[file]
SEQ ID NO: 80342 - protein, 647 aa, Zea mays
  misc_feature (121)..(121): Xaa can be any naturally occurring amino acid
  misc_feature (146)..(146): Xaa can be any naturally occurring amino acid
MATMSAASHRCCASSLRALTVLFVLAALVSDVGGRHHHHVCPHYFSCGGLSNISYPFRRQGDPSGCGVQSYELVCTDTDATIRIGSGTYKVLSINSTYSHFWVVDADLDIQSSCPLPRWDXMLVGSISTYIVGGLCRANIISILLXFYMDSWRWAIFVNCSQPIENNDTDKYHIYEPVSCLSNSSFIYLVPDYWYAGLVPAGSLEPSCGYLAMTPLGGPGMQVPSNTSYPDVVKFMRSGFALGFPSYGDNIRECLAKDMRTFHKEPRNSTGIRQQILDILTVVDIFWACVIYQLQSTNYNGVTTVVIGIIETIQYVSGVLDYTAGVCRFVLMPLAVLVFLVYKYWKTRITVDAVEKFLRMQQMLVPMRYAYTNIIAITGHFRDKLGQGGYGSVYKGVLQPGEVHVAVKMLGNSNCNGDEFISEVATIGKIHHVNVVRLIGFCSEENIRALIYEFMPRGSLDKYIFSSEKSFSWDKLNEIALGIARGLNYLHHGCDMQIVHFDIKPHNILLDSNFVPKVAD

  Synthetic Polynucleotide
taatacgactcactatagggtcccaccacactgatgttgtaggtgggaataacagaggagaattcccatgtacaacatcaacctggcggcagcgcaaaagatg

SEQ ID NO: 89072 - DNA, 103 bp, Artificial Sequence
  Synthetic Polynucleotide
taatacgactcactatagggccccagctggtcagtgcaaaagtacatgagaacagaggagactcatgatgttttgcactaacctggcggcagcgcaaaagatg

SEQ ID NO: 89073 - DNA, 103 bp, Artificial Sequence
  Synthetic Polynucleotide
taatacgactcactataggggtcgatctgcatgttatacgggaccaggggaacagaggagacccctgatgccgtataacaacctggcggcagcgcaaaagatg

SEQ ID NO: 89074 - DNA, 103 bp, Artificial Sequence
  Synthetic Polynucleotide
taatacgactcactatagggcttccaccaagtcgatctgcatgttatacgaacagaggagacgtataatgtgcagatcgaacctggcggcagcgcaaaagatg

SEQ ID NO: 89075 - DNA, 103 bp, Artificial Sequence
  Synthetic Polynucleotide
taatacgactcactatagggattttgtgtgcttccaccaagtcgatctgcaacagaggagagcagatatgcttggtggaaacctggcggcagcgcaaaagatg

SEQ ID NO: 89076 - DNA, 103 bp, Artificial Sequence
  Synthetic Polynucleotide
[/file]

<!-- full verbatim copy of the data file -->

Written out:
SEQ ID NO: 80342 - protein, 647 aa, Zea mays
  misc_feature (121)..(121): Xaa can be any naturally occurring amino acid
  misc_feature (146)..(146): Xaa can be any naturally occurring amino acid
MATMSAASHRCCASSLRALTVLFVLAALVSDVGGRHHHHVCPHYFSCGGLSNISYPFRRQGDPSGCGVQSYELVCTDTDATIRIGSGTYKVLSINSTYSHFWVVDADLDIQSSCPLPRWDXMLVGSISTYIVGGLCRANIISILLXFYMDSWRWAIFVNCSQPIENNDTDKYHIYEPVSCLSNSSFIYLVPDYWYAGLVPAGSLEPSCGYLAMTPLGGPGMQVPSNTSYPDVVKFMRSGFALGFPSYGDNIRECLAKDMRTFHKEPRNSTGIRQQILDILTVVDIFWACVIYQLQSTNYNGVTTVVIGIIETIQYVSGVLDYTAGVCRFVLMPLAVLVFLVYKYWKTRITVDAVEKFLRMQQMLVPMRYAYTNIIAITGHFRDKLGQGGYGSVYKGVLQPGEVHVAVKMLGNSNCNGDEFISEVATIGKIHHVNVVRLIGFCSEENIRALIYEFMPRGSLDKYIFSSEKSFSWDKLNEIALGIARGLNYLHHGCDMQIVHFDIKPHNILLDSNFVPKVAD

  Synthetic Polynucleotide
taatacgactcactatagggtcccaccacactgatgttgtaggtgggaataacagaggagaattcccatgtacaacatcaacctggcggcagcgcaaaagatg

SEQ ID NO: 89072 - DNA, 103 bp, Artificial Sequence
  Synthetic Polynucleotide
taatacgactcactatagggccccagctggtcagtgcaaaagtacatgagaacagaggagactcatgatgttttgcactaacctggcggcagcgcaaaagatg

SEQ ID NO: 89073 - DNA, 103 bp, Artificial Sequence
  Synthetic Polynucleotide
taatacgactcactataggggtcgatctgcatgttatacgggaccaggggaacagaggagacccctgatgccgtataacaacctggcggcagcgcaaaagatg

SEQ ID NO: 89074 - DNA, 103 bp, Artificial Sequence
  Synthetic Polynucleotide
taatacgactcactatagggcttccaccaagtcgatctgcatgttatacgaacagaggagacgtataatgtgcagatcgaacctggcggcagcgcaaaagatg

SEQ ID NO: 89075 - DNA, 103 bp, Artificial Sequence
  Synthetic Polynucleotide
taatacgactcactatagggattttgtgtgcttccaccaagtcgatctgcaacagaggagagcagatatgcttggtggaaacctggcggcagcgcaaaagatg

SEQ ID NO: 89076 - DNA, 103 bp, Artificial Sequence
  Synthetic Polynucleotide